A Good Time to Specialize
Waiting all those years before venturing out on his own in 2005 gave Wilson all the time he needed to master technical concepts, and the project management experience he gained at Hussmann helped him organize, prioritize, and become adept at customer relations and project fulfillment.

Wilson's experience also prepared him to be able to sort through the wide variety of refrigeration systems that are all the rage: variable speed, secondary loop, carbon dioxide, distributed. It takes sharp focus to analyze each system’s benefits for each individual customer.

"Twenty years ago, we had basically the same equipment year after year, and contractors designed to fit the store space," he recalls. "Horsepower considerations and application engineering were all that were required. Now, we have to consider the refrigerant's global warming potential (GWP), and energy usage. We also look closely at cost of ownership; what will it cost the customer to own a refrigeration system over the lifecycle of the equipment? With that in mind, we proceed to find the best application."

Sam Wilson says his goal at RSI is to create value for the customer. That's a simple mission statement, with big implications.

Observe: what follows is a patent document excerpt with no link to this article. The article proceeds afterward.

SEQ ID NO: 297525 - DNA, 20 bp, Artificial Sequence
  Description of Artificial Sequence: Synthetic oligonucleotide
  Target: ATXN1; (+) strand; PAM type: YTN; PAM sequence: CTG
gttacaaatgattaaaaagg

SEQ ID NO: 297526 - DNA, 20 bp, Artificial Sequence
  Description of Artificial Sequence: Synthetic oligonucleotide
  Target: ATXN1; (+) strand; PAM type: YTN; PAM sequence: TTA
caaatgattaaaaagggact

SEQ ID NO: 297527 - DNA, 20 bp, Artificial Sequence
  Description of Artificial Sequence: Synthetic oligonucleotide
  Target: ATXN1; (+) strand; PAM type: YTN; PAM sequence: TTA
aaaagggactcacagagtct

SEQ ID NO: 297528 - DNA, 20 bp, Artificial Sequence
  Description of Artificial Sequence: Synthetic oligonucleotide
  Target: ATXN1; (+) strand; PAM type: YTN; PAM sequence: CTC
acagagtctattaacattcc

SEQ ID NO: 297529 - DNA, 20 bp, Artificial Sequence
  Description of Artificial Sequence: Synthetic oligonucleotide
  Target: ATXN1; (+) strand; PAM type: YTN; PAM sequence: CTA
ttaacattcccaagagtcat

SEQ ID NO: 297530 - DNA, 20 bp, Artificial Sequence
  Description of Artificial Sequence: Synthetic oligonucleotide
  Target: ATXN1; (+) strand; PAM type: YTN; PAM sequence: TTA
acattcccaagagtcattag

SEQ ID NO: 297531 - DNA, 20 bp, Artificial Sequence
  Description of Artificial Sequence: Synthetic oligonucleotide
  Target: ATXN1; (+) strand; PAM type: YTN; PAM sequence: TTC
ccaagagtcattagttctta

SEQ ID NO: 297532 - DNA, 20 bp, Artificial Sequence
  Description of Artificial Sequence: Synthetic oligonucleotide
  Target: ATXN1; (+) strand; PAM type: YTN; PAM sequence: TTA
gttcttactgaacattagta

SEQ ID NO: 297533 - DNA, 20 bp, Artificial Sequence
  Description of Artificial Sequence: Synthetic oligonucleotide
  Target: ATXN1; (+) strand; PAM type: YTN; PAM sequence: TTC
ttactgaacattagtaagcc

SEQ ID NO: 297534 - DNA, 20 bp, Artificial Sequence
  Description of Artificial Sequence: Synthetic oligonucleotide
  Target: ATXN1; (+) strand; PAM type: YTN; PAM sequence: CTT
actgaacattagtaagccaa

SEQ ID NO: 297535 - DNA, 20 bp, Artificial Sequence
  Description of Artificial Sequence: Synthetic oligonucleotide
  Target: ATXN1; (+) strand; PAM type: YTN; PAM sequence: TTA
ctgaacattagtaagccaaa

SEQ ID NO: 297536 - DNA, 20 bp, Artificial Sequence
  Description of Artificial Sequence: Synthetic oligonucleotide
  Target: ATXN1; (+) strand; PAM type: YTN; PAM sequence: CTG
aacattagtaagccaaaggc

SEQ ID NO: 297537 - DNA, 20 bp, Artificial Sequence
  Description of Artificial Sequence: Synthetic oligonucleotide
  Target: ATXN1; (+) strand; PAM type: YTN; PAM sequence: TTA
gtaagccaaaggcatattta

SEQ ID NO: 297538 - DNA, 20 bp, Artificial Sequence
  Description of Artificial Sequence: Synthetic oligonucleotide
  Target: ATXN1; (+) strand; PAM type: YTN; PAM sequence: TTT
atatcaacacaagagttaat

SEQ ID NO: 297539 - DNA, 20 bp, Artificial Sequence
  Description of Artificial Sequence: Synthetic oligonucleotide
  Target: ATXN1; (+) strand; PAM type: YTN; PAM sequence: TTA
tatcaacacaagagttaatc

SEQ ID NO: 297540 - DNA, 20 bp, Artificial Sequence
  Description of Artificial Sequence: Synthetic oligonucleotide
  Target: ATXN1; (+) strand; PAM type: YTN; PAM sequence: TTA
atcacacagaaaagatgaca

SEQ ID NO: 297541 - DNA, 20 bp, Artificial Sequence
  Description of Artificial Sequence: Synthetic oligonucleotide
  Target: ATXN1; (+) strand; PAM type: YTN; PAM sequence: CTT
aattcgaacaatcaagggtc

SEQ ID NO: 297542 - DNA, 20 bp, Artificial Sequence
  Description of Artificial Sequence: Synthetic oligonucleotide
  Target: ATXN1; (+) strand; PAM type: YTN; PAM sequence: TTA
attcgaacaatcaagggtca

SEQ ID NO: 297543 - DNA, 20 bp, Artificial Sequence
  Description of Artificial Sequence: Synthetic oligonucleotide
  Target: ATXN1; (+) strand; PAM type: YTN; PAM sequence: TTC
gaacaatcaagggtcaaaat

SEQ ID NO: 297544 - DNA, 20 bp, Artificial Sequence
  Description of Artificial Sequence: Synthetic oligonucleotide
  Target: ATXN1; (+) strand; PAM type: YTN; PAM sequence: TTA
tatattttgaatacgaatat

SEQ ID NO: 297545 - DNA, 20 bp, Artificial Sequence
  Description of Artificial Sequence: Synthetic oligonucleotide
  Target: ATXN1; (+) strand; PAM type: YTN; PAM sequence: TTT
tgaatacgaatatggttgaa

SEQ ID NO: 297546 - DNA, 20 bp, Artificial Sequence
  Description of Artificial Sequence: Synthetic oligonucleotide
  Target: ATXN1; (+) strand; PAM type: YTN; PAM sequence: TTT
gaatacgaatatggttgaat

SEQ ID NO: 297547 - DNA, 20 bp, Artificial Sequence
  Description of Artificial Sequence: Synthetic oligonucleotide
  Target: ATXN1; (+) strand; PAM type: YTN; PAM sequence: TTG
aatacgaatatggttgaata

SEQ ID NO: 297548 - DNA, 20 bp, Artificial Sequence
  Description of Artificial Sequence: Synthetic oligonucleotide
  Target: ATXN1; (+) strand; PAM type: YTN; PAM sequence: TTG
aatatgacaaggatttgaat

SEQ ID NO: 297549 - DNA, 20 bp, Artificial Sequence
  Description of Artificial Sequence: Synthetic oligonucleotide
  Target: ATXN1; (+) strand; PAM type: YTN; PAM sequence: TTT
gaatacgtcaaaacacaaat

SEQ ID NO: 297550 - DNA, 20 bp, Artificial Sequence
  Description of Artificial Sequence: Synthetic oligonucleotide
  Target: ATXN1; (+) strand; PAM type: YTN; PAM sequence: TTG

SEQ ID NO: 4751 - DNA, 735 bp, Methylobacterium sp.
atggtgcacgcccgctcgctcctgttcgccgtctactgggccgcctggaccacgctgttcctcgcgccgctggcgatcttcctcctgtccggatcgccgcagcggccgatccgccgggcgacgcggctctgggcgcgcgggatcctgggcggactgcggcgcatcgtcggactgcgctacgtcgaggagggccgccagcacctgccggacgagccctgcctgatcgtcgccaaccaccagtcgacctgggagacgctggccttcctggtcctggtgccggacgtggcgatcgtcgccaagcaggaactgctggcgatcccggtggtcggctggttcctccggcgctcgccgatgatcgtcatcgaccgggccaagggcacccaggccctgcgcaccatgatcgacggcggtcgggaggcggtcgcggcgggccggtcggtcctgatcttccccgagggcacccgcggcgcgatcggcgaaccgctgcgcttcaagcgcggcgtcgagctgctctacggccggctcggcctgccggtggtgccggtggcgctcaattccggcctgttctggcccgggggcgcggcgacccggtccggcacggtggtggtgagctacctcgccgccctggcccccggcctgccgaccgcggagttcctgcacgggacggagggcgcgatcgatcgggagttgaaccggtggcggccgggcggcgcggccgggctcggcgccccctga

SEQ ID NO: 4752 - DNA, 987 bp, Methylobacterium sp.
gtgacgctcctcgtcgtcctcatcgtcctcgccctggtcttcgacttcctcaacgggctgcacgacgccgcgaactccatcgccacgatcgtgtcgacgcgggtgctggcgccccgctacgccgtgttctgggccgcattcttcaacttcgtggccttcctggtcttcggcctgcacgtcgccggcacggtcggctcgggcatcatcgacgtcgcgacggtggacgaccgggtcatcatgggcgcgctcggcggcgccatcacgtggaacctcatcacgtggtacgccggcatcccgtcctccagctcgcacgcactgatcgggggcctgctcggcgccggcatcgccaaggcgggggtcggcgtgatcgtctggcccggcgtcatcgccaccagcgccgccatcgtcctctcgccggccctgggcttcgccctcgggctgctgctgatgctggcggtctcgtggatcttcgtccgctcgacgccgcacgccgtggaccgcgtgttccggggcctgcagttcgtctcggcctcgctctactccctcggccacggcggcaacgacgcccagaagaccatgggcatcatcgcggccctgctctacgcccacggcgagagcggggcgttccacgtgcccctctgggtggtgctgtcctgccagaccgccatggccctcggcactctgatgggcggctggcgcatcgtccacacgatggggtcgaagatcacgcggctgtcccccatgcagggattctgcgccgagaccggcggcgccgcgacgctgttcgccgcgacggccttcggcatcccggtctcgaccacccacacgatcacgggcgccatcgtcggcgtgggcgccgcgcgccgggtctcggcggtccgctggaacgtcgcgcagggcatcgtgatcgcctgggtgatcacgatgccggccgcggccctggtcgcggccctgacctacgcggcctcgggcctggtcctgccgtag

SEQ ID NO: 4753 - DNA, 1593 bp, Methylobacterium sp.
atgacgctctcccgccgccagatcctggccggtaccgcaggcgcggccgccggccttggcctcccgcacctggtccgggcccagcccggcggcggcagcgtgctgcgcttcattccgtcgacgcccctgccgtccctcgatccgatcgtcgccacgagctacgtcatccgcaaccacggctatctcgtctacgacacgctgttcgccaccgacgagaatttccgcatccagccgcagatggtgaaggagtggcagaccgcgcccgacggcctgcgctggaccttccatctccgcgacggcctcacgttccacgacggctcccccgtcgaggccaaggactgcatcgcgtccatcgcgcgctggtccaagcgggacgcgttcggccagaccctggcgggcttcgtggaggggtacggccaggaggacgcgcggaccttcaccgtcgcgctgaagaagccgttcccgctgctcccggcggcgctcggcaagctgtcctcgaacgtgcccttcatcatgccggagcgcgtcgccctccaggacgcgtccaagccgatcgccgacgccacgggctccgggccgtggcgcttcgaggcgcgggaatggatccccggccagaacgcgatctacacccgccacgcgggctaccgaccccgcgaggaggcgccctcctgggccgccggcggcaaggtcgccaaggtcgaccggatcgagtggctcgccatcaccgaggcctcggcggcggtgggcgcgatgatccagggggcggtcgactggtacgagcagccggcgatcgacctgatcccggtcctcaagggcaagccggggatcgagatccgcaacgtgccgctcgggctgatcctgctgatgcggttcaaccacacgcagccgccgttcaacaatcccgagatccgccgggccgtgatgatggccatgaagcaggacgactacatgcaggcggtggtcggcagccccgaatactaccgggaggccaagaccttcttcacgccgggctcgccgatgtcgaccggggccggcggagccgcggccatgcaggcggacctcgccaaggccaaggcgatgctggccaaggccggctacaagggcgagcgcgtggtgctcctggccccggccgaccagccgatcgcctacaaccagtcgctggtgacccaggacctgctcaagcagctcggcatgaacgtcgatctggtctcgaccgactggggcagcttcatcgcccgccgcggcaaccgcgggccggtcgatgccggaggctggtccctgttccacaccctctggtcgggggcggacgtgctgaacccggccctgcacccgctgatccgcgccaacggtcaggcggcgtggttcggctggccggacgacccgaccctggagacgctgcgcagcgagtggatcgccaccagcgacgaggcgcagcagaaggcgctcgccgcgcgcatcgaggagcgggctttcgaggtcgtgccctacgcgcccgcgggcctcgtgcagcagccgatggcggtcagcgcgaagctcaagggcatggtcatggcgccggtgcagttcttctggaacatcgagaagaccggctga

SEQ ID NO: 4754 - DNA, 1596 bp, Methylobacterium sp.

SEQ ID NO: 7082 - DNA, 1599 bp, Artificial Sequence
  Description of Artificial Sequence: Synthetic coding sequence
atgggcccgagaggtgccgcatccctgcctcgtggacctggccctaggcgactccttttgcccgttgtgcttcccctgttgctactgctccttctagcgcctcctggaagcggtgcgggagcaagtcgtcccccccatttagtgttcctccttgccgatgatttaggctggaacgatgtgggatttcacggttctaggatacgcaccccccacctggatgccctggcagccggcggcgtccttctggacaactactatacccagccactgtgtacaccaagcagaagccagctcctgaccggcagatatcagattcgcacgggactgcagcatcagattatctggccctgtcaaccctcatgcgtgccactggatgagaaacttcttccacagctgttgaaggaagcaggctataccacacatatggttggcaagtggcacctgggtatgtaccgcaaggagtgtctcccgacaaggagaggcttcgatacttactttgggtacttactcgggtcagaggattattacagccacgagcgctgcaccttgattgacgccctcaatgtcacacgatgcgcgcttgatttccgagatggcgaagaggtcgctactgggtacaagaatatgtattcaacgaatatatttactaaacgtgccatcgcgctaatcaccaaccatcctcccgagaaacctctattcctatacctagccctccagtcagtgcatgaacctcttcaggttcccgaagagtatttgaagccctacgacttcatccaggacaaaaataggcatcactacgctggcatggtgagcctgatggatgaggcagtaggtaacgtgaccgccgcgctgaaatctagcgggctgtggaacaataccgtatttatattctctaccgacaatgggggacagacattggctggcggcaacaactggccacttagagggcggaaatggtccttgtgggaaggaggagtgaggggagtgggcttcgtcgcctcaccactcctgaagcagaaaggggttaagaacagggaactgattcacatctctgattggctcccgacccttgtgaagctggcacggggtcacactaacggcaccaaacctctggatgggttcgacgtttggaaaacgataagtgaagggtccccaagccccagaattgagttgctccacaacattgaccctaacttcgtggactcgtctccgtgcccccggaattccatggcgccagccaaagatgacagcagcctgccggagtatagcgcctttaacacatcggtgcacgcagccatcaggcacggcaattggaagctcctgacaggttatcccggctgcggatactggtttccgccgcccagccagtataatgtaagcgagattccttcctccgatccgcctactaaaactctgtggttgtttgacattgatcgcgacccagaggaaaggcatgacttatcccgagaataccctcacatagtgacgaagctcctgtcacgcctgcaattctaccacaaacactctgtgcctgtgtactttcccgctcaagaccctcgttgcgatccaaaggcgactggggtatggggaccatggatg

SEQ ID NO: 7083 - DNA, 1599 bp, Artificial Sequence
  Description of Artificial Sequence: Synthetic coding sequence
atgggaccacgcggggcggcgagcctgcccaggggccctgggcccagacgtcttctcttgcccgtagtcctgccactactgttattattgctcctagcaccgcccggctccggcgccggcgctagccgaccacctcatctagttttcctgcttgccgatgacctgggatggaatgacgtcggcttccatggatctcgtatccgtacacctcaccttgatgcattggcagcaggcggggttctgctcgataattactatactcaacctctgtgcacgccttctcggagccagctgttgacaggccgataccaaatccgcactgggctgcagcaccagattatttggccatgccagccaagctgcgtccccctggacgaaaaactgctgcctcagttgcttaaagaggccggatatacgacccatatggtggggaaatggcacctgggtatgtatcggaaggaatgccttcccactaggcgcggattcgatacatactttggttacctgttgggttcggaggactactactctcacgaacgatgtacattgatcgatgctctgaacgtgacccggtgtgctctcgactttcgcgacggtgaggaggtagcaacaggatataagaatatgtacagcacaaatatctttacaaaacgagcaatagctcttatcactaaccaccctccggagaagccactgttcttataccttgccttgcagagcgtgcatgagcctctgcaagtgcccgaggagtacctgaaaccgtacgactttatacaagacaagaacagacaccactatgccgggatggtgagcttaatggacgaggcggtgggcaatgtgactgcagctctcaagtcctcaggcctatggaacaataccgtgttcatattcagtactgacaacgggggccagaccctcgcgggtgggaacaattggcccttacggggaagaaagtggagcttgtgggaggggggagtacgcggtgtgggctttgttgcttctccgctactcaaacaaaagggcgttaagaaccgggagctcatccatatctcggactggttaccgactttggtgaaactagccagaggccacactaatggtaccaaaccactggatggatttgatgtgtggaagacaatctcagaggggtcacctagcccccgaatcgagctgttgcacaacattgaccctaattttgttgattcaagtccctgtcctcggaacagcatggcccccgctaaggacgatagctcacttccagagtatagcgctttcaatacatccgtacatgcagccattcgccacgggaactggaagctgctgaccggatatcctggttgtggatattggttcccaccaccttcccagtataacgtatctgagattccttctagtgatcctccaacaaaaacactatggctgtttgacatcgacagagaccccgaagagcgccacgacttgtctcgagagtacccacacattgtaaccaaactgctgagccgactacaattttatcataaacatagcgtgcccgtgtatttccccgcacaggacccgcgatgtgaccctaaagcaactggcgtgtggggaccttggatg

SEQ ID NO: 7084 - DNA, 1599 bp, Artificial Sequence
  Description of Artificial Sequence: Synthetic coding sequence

"Whatever we do that costs more money, we want them to believe they received great value for it. That it was money well spent," he says.

Now, having entered the manufacturing realm, Wilson has become more proactive about exploring new markets.

"We're exhibiting at the AHR Expo in January, to let people outside of our regional market know we're here for custom variable speed drives," Wilson says. Refrigeration Solutions, Inc. can be found online at

Pressure Controls

Q: What purpose do pressure controls serve?

A: There are two main categories of pressure controls: high pressure and low pressure. These controls may be individual or combined into one control.

The low pressure control's primary function is to shut the compressor off when the suction pressure becomes too low. This is to protect the compressor from overheating, and /or to protect the product from freezing.

The high pressure control is a safety control to protect the compressor from operating at excessive discharge pressures. The high pressure control should be pre-set by the manufacturer and should never be adjusted higher than the factory setting. Most have a stop to prevent it from being set higher in the field, although they may be adjusted to a lower setting. The control setting is determined by the refrigerant used in the system and its operating range, even though the same compressor may be used.

While high pressure controls may be either manual or automatic resettable, low pressure controls are almost always automatic. Some controls, such as Emerson’s line of controls, may be converted from automatic to manual in the field if desired.

There are other applications for pressure controls in refrigeration systems. These include condensor fan cycling, oil pressure safeties, and heat reclaim lock-out.

Copyright 2008 Emerson Climate Technologies, Inc. All rights reserved. Used by permission.